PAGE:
Fortunately, this is a world that David is conversant with and knows it only too well, he is a TV trivia expert. To his sister Jennifer, this world is a mystery, so he updates her, they are now christened the names Bud and Mary Sue and their parents are Betty and George Parker.
The film conjures the black-and-white 1950s sitcom world which is adorned with picket fences and bobby sox, a world where everyone is white and middle class, in employment, sleeps in twin beds, not ever has used the toilet and follows an identical script cheerfully every day. As we watch the people of Pleasantville cling to their façade of innocence, we both envy and pity them. We realize that their innocence is due to their lack of basic adult knowledge, especially in sexual matters. When Mary Sue, begins to kiss her boyfriend, he suddenly looks terrified, stares at his lap and says, “I’m sick something is wrong with me. What’s happening?” Mary Sue who knows a little more about such things, smiles and says,” what is happening is what is supposed to happen. It’s a good thing. You’ll see!”
The life in Pleasantville is boring in the eyes of Mary Sue and Bud. The Geography curriculum in the local high school is reduced to subjects like “Main Street” and “Elm Street” because the world of Pleasantville literally winds up at the city limits. Space spirals back upon itself in Pleasantville and “the end of Main street is just the beginning again.” Life always goes as is planned.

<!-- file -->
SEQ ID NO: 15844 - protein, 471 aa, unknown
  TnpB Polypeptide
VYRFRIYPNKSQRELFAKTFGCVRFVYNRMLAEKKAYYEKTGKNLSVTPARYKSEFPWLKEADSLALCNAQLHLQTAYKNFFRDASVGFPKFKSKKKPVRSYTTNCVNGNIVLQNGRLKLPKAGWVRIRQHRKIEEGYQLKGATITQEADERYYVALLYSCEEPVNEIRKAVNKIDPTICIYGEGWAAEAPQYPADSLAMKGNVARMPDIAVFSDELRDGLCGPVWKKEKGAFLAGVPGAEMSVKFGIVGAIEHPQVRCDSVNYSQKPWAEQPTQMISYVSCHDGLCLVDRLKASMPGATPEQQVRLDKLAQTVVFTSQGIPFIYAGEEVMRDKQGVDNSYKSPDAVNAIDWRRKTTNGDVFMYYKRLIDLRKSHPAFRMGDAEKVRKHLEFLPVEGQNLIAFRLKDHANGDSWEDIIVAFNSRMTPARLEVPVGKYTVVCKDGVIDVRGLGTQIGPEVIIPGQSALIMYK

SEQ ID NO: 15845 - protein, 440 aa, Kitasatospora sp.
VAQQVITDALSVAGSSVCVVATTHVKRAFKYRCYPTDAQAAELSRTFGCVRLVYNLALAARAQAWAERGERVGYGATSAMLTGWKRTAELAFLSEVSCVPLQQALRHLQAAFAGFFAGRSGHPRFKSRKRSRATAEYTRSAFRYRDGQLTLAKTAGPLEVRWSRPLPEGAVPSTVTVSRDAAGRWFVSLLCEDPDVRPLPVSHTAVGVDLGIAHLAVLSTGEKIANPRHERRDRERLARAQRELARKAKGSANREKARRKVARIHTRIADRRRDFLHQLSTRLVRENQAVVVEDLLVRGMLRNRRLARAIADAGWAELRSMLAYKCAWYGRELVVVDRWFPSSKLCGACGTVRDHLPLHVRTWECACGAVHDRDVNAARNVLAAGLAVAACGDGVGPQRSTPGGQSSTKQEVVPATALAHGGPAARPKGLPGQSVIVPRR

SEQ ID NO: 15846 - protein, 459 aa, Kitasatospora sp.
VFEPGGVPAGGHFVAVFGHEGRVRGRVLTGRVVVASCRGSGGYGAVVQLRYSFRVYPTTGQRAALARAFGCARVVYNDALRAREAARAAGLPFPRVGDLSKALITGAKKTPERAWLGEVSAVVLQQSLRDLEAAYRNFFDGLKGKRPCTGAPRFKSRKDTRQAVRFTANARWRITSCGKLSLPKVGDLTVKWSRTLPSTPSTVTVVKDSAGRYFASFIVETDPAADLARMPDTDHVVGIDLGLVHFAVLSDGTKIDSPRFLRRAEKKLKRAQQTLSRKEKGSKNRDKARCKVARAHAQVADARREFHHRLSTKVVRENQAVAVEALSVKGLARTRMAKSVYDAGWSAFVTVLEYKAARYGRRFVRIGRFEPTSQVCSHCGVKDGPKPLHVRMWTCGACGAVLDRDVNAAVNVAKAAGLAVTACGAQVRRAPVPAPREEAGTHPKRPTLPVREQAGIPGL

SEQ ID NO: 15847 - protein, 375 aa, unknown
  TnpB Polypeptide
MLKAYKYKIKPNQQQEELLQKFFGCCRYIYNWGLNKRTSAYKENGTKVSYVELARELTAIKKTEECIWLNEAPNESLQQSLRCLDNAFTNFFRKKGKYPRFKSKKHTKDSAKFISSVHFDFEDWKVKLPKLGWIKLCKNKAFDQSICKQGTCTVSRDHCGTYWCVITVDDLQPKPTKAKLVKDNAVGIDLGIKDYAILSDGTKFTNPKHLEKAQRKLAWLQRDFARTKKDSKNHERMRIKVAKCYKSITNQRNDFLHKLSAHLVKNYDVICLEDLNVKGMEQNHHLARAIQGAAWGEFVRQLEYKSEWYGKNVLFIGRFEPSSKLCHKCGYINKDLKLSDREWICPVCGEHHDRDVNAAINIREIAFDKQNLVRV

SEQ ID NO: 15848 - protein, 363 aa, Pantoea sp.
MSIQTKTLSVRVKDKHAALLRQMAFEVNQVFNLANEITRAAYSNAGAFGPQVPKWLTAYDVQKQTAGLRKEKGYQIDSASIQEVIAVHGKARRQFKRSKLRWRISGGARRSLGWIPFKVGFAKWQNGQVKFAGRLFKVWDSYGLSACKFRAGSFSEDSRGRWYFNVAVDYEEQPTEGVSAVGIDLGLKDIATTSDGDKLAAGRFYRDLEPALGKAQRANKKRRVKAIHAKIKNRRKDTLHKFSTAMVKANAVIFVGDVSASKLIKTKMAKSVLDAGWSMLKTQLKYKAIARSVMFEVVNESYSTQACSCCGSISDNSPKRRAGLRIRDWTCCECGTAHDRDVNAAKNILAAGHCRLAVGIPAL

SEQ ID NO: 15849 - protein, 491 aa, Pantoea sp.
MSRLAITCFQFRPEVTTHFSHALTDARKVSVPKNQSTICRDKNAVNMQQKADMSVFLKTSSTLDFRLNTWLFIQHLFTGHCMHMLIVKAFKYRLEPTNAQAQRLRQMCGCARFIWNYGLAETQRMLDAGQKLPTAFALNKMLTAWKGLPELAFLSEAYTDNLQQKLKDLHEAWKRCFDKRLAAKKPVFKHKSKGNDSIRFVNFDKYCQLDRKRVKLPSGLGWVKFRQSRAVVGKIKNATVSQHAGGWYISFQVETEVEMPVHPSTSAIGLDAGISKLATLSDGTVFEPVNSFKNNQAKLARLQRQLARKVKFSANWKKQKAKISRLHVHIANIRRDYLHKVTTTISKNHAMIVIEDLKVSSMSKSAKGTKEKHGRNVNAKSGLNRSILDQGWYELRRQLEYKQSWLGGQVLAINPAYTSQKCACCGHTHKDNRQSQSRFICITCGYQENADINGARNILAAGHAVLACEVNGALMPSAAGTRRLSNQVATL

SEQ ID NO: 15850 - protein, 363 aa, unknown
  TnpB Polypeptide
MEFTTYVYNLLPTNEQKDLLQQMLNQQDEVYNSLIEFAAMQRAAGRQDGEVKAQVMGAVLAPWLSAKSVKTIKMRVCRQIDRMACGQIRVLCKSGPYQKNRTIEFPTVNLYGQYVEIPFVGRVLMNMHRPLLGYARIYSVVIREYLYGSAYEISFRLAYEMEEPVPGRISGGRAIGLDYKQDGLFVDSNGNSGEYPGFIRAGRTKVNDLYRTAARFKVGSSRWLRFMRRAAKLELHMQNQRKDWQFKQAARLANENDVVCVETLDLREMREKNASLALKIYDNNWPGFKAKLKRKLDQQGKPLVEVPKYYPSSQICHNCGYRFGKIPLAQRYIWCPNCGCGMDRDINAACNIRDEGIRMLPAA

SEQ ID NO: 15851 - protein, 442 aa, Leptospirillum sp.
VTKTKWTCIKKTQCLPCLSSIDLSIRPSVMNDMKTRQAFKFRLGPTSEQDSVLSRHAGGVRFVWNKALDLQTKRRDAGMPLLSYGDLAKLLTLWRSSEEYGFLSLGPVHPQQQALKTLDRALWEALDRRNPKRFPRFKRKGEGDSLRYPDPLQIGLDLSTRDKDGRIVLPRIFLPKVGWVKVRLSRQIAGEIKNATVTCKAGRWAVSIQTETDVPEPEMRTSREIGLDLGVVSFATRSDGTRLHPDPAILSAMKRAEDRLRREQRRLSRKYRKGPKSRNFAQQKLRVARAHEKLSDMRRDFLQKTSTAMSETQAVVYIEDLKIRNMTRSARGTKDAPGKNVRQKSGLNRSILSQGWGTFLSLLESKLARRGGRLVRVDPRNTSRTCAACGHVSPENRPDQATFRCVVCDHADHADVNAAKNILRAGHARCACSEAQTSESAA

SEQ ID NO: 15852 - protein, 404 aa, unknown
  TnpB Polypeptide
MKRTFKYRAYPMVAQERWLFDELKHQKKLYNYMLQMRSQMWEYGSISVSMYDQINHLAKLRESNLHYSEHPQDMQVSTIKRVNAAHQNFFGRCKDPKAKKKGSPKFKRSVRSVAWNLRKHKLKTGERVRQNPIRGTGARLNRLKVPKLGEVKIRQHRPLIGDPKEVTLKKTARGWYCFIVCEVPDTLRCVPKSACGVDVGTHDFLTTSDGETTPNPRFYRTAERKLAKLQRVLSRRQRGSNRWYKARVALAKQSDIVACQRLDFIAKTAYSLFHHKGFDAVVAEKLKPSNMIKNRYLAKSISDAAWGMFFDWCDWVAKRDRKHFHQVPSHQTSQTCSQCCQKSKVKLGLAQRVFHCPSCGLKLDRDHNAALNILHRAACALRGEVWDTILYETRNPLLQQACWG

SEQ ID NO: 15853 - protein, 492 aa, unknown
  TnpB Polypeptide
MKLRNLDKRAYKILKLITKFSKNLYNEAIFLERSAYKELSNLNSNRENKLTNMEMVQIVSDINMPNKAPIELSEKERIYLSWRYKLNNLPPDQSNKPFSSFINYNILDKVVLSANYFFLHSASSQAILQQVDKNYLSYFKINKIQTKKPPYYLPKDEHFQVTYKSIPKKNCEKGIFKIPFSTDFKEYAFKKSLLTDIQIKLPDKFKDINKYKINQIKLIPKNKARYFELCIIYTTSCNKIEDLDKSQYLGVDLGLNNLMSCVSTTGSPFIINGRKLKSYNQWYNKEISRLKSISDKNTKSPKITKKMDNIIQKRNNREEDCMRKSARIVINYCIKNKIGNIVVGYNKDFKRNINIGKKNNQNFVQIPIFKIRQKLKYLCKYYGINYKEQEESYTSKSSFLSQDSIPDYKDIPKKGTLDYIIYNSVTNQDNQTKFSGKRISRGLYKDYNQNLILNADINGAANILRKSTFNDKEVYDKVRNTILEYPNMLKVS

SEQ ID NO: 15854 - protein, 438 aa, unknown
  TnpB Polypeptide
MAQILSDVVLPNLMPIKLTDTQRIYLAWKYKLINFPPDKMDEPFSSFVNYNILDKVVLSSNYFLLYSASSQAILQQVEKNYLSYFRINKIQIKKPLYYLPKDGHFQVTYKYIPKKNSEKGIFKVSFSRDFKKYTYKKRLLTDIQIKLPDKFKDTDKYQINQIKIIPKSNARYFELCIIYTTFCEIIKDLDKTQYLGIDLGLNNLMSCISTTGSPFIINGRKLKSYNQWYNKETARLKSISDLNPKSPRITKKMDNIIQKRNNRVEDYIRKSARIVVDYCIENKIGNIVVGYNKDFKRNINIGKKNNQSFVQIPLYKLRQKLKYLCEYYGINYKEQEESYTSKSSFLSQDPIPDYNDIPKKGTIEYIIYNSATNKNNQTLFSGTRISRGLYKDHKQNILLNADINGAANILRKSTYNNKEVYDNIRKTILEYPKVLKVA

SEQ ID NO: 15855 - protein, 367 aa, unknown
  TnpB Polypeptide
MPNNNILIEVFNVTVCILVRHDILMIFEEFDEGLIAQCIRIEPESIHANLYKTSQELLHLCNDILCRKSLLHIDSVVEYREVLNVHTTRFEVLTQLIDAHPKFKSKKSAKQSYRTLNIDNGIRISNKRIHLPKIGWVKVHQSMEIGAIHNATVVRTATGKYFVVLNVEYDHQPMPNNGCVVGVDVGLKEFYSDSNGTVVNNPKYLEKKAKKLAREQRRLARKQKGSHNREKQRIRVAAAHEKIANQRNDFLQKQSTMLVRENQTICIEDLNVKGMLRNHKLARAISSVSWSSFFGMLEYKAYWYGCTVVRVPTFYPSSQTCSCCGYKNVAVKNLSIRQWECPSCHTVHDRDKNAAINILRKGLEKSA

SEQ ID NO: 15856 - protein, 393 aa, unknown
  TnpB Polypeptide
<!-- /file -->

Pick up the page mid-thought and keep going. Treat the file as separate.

The first social norm of the movie, is before the teens windup in Pleasantville, is right at the beginning of the movie where the father, played by William H. Macey, works all day to bring in the money and comes home to a home cooked meal by his wife, played by Joan Allen, whom stays home to cook, clean, and tend to the kids amongst other domestic duties. The children do show respect for their parents without any complaint. This seems too good to be true. It is